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How To Pick Up A Project From Someone Else

How to Pick Up a Project From Someone Else

In the last couple of weeks I’ve turned into a woman who runs down Regent Street in ridiculous heels to get to her next meeting on time.

Who has said, “Sorry, I’ve got a mouthful of lunch, hang on,” too many times on the phone because there isn’t enough time in the day not to work through lunch.

Who has paid library fines even though the books are just there ready to go back, because she can’t get out of the office for 20 minutes to return them.

In other words, life has just been really busy.

The reason for all this is that I’ve taken on a new project. We’ve shuffled things around and I’ve picked up a (big, complicated) piece of work. It’s interesting.

It’s in good shape as the previous PM did an excellent job. The team are committed and know what they are doing. But I got 47 emails about it overnight (that’s between 5pm and 8am) on my first day truly in charge. There is a lot going on and I really don’t feel like I have a clue.

Still, it’s the  turn of autumn over here, my favourite time of year with leaves that cheer you up even if you have got out of bed four times in the night with a toddler who is going through the ‘there’s a T-Rex in my wardrobe and I’m scared’ phase.

So, here are my tips for beginning work on a project that someone else is handing over.

Scroll to the bottom to get a free Project Initiation Checklist to help with all this. It’s everything you need to remember when you are taking on a new project.

1. Get a handover

The clue is in the title. They are handing over responsibility to you, so they need to actually do a handover. Get copies of important papers (especially anything to do with money spent or committed to spend). Ask about the team. Check the milestones.

That’s the formal part of the handover. Now have a chat off the record.

Find out what the stakeholders are expecting and which of them are being a bit difficult right now. The old project manager is a great source of information about the office politics surrounding this project and can shortcut your learning curve drastically.

2. Get introductions

I can’t find the source of this story (get in touch if you know) but someone once told me a tale of two soldiers. The both agreed to talk each other up at every opportunity.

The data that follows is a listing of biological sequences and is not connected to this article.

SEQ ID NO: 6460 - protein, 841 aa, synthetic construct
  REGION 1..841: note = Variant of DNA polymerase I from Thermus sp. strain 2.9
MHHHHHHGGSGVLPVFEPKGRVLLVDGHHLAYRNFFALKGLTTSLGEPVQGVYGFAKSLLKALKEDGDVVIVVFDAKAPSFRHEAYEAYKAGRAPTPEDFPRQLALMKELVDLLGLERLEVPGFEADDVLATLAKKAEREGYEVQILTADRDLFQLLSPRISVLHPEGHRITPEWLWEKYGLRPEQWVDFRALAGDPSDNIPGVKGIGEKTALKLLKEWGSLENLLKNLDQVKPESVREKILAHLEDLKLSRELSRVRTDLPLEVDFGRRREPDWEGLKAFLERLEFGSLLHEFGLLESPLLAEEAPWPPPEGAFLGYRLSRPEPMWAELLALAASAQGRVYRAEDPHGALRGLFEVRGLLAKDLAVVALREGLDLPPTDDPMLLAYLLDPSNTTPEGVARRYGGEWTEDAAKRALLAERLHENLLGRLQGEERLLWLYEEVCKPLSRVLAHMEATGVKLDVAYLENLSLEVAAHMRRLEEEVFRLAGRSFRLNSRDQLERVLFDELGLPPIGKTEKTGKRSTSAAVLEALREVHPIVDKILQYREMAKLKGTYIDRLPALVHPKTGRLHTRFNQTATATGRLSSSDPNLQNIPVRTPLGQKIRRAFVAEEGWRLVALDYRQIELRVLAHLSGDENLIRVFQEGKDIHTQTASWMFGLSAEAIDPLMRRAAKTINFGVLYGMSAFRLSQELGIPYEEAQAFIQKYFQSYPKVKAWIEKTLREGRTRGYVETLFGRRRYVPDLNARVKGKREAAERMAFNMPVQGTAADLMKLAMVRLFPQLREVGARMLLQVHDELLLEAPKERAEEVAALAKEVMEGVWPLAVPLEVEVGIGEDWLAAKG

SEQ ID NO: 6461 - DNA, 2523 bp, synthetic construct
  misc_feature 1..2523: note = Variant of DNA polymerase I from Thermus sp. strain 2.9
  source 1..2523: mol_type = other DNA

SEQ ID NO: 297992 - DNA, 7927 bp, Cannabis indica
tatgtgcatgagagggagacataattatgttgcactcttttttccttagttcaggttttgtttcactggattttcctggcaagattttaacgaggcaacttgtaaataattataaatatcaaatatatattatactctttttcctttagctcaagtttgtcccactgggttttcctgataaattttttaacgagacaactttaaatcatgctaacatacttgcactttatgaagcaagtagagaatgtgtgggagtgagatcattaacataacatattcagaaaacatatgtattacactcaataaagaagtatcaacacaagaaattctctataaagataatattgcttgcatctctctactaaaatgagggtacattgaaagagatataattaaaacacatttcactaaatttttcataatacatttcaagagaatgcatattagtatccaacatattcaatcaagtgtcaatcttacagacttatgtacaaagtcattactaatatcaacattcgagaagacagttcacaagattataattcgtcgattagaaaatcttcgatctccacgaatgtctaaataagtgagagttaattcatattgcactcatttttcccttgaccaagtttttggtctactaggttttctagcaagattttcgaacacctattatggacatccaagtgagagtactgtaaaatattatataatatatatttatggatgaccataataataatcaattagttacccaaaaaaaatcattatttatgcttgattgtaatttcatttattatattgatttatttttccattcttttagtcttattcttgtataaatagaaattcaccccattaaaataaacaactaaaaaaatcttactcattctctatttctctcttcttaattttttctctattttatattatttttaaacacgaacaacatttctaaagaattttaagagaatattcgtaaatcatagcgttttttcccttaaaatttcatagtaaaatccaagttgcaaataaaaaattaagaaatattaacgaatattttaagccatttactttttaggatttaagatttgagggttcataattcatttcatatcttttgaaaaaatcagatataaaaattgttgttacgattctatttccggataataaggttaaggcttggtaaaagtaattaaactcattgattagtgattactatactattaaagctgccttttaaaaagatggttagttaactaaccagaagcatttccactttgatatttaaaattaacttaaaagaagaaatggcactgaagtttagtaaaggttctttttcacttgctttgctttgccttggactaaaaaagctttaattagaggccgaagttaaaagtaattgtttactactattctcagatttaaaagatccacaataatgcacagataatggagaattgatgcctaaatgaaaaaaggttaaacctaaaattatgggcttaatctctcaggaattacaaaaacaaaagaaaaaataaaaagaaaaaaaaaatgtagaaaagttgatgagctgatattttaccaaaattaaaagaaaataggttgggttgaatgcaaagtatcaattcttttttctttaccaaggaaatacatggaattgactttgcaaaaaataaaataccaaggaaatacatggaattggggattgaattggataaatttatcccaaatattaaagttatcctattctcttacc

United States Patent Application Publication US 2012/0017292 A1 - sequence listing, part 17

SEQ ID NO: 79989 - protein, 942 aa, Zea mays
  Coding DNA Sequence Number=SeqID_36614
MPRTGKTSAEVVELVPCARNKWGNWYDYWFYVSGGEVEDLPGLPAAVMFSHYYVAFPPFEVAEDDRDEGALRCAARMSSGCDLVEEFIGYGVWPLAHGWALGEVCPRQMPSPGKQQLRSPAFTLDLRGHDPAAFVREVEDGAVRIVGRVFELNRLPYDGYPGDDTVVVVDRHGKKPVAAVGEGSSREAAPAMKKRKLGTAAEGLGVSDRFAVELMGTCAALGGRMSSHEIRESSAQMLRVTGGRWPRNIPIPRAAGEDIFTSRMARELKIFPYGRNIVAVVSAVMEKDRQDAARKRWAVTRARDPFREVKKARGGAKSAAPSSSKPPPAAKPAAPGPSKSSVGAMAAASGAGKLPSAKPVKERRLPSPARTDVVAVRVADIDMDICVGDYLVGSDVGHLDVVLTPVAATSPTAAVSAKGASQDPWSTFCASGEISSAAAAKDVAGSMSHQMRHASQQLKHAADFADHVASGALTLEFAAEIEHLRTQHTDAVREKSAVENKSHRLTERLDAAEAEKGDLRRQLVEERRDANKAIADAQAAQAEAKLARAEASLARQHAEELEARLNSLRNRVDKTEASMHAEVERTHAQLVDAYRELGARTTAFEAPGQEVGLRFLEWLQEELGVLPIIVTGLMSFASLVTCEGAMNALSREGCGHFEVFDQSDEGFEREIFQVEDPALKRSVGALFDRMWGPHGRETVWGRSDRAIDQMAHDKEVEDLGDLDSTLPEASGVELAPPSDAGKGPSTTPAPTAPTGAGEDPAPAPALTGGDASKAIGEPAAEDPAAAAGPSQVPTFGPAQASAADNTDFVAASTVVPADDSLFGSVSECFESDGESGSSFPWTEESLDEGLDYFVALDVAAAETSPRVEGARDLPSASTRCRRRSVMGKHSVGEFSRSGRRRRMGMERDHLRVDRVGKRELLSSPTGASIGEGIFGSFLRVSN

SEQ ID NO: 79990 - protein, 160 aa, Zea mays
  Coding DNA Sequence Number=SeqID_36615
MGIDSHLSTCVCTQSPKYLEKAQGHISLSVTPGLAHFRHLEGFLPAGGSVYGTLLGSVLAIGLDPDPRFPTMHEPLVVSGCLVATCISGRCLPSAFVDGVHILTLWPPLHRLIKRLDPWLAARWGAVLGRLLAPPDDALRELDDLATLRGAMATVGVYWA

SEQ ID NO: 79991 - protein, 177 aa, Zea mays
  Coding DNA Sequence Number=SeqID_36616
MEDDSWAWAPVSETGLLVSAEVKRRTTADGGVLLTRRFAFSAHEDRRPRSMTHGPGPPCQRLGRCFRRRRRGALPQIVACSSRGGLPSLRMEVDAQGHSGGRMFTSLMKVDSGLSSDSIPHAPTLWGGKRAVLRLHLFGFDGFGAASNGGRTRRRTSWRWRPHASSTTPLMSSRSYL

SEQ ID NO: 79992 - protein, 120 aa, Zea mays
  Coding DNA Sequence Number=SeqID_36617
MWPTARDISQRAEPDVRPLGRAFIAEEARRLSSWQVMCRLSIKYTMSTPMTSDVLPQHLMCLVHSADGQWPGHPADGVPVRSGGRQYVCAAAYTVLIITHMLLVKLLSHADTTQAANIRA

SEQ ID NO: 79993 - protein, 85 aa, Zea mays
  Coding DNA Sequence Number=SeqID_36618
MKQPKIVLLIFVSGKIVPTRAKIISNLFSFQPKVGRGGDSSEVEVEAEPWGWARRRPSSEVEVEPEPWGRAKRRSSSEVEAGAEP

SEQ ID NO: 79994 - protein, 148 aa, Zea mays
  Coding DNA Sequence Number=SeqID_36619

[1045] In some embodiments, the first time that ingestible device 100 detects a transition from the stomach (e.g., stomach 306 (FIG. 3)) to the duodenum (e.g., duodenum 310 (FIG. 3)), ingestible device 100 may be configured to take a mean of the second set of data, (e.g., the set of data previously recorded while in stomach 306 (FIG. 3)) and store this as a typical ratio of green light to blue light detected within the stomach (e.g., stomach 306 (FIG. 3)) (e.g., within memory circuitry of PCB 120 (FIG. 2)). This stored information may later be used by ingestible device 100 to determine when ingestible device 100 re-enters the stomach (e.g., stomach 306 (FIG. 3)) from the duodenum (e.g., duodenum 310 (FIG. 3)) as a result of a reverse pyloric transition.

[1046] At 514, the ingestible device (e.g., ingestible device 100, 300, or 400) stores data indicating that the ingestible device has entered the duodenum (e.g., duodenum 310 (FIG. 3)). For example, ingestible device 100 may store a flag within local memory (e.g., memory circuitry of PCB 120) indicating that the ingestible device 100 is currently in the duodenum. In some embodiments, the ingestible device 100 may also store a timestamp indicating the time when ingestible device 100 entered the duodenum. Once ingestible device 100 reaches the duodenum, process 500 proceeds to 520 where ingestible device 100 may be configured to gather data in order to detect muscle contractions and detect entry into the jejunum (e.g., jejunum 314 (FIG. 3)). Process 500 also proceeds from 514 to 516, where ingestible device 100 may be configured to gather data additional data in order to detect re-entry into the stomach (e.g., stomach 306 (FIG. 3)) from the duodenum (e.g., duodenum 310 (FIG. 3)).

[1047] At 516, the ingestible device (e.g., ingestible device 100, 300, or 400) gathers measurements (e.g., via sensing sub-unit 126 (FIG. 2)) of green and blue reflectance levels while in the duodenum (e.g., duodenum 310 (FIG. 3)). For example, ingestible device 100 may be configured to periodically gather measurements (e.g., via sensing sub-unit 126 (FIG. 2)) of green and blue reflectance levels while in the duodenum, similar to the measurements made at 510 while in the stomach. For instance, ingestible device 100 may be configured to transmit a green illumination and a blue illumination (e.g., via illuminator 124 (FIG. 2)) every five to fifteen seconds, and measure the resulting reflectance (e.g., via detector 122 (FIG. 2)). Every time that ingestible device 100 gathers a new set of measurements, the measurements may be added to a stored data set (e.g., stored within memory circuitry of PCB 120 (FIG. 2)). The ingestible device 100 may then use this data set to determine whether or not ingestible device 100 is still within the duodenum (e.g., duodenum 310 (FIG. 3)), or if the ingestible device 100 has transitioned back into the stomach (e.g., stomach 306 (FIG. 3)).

Over the years they described each other’s credentials and experience when their colleague’s name came up in conversation. Lo and behold, they each got promoted more quickly than the norm.

In his book Yes: 50 Scientifically Proven Ways to Be Persuasive, Robert B. Cialdini talks about how having someone else introduce you is a more powerful way of making a first impression. Get the leaving project manager to make positive introductions, and ask them to specifically point out that the project remains in good hands.

That’s a message that will give confidence to stakeholders who might be nervous about the change in project manager and it means you’re more likely to get off on the right foot.

Come to think of it, that soldier story might be in that book too.

3. Go through project initiation again (by yourself)

For your own piece of mind, run through what you would normally do when you set up a project. Is there a project initiation document? A business case? If you would set up a Yammer group for a new project, is there one?

Download the Project Initiation Checklist by leaving your email address in the box below. Run through the steps. Check that you are happy running this project now.

Put in place anything that you feel needs doing and stop anything that doesn’t work with how you want to run the project. Just be sure to tell everyone so that they know what’s going on.

You don’t have to run it in the same way as the other person did. It’s yours. Do it your way.

Now go and be awesome!

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About Elizabeth Harrin

Elizabeth HarrinElizabeth Harrin is a Fellow of the Association for Project Management in the UK and the award-winning blogger behind A Girl's Guide To Project Management. She's passionate about demystifying project management and making tools and techniques work in the real world. She's also the author of several books including the PMI bestseller, Collaboration Tools for Project Managers.

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